We might end up filing this in the ‘be careful what you wish for’ pile, but it might be time to ask a question of the bodies dedicated to protecting consumers of legal services: what exactly are you doing?

The Legal Ombudsman and Legal Services Consumer Panel, effectively the complaints handler and consumer champion, have been conspicuously quiet in recent months. So much so that the profession – which funds both – might start asking what it gets for its money.

The Legal Ombudsman, which has received plenty of negative publicity over its staffing and timeliness issues, has said nothing publicly since March, when it published – with limited fanfare – its business plan and budget for the year. Other than that, the sum total of this year’s communications has been a single blog by Office for Legal Complaints chair Elisabeth Davies and the opening of a consultation on its scheme rules. Davies’ blog, it should be noted, included a commitment to ‘change and transparency’, but we are in the dark as to whether either has been achieved.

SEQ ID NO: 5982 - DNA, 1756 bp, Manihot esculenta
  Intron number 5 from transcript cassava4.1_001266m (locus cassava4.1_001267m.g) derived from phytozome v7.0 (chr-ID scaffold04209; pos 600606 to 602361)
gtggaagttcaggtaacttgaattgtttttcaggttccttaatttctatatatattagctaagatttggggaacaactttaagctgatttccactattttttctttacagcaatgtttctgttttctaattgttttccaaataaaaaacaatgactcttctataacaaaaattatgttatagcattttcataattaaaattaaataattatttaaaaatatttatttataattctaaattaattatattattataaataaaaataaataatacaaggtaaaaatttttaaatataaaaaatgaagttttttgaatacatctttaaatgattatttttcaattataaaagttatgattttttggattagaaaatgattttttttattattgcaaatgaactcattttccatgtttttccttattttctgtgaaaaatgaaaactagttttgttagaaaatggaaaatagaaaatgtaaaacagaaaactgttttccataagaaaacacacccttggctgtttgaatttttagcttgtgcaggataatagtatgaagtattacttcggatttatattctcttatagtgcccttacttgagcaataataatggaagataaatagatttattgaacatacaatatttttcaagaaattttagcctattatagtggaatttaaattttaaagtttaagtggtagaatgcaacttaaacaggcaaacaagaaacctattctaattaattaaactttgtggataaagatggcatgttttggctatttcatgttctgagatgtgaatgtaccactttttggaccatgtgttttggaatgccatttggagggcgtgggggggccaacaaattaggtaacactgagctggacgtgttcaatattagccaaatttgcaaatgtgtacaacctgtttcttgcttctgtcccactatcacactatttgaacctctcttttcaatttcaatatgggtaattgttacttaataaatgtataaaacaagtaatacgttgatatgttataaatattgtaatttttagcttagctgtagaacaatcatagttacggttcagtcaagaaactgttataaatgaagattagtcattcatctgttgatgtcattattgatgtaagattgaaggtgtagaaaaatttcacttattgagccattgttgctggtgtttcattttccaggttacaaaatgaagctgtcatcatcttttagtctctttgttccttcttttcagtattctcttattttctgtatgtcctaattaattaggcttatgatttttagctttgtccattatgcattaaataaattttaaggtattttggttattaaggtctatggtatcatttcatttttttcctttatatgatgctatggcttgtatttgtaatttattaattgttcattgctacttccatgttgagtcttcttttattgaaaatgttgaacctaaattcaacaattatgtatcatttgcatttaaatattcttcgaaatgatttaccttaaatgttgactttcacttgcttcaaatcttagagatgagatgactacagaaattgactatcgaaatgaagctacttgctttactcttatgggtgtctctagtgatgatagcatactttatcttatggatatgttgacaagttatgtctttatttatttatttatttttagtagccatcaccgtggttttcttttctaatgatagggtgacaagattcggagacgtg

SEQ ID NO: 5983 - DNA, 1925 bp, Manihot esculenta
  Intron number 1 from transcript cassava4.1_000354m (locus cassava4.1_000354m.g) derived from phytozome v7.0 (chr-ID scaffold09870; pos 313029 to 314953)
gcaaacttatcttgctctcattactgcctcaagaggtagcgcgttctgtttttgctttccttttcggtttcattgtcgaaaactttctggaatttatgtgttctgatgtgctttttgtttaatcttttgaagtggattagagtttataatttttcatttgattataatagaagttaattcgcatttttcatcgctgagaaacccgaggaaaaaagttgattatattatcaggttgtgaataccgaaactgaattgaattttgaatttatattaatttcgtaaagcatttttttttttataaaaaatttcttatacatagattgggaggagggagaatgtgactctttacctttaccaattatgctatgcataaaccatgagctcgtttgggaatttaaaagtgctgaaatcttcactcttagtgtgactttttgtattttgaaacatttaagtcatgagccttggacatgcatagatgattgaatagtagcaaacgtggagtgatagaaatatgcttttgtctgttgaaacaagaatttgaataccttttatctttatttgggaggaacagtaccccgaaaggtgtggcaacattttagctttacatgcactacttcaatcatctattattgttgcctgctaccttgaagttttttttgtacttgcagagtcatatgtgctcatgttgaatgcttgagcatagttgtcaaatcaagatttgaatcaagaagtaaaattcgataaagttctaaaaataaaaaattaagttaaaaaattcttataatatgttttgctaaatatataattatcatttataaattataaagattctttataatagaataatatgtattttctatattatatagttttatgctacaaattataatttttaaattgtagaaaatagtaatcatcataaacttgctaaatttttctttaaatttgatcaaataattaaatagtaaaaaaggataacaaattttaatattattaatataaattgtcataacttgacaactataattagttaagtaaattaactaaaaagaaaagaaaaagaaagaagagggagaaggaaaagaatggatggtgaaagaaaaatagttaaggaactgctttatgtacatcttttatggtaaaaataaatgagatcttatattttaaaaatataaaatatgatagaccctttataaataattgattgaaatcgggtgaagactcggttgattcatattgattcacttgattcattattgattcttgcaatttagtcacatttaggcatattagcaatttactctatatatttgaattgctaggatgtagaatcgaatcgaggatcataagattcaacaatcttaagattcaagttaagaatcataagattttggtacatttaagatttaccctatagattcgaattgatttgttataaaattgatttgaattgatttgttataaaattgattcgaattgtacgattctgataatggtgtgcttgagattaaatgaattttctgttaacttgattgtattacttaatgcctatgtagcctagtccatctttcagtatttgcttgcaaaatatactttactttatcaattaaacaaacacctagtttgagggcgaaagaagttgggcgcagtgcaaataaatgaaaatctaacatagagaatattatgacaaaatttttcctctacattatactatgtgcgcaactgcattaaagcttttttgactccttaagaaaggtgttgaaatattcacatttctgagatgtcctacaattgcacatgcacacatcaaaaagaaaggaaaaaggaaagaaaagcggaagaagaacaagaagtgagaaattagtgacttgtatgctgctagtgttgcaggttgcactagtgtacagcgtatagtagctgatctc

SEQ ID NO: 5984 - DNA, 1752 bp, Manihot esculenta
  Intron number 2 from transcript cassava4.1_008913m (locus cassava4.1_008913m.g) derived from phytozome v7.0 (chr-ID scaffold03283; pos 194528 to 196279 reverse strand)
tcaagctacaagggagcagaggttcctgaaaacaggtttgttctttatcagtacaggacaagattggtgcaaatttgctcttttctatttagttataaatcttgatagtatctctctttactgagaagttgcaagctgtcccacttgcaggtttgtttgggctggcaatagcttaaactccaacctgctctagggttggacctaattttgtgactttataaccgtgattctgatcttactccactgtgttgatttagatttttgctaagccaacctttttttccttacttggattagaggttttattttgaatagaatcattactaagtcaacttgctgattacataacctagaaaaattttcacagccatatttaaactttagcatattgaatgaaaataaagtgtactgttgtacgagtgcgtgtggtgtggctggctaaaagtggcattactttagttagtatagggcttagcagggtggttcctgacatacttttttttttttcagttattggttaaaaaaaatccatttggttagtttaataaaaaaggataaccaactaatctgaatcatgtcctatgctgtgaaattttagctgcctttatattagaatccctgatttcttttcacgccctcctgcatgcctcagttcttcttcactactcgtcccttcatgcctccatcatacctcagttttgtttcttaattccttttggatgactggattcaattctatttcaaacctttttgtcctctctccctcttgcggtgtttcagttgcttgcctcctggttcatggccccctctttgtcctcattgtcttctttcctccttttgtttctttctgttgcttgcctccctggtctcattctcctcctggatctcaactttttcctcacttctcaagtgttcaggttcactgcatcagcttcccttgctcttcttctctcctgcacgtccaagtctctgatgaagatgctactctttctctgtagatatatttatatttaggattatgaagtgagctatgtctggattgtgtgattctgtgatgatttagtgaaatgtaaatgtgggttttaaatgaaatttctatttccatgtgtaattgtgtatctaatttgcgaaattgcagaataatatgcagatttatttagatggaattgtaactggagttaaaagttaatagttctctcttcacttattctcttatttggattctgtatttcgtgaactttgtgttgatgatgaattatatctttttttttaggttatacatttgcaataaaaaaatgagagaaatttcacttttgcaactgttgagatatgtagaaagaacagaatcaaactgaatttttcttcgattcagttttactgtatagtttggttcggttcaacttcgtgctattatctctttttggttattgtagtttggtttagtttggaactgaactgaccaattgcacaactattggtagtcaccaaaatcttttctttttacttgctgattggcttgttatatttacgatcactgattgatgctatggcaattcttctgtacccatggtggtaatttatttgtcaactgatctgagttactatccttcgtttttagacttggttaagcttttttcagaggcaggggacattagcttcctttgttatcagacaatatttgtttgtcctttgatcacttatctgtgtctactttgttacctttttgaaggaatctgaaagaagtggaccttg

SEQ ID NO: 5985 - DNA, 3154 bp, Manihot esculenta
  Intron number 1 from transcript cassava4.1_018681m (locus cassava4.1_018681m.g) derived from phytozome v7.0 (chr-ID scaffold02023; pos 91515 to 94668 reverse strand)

At least the ombudsman has been relatively active on social media, usually posting every few days on Twitter with information about the service. Which is more than can be said about the Legal Services Consumer Panel, which has tweeted just once since last October. Its 'pinned tweet' at the top of its feed dates from July 2019.

Since July 2021 the panel has published one press release and chair Sarah Chambers has yet to add to her dedicated blog page at all in 2022. The organisation, it should be noted, has responded to several consultations this year but has published no research or reports since last October and provided no policy briefings since October 2019.

The profession will pay £251,570 to fund the panel in the next year.

We have no doubt that the panel and ombudsman continue to work hard in consumer interests, but their combined public engagement is minimal. Perhaps they’re simply too busy to talk right now.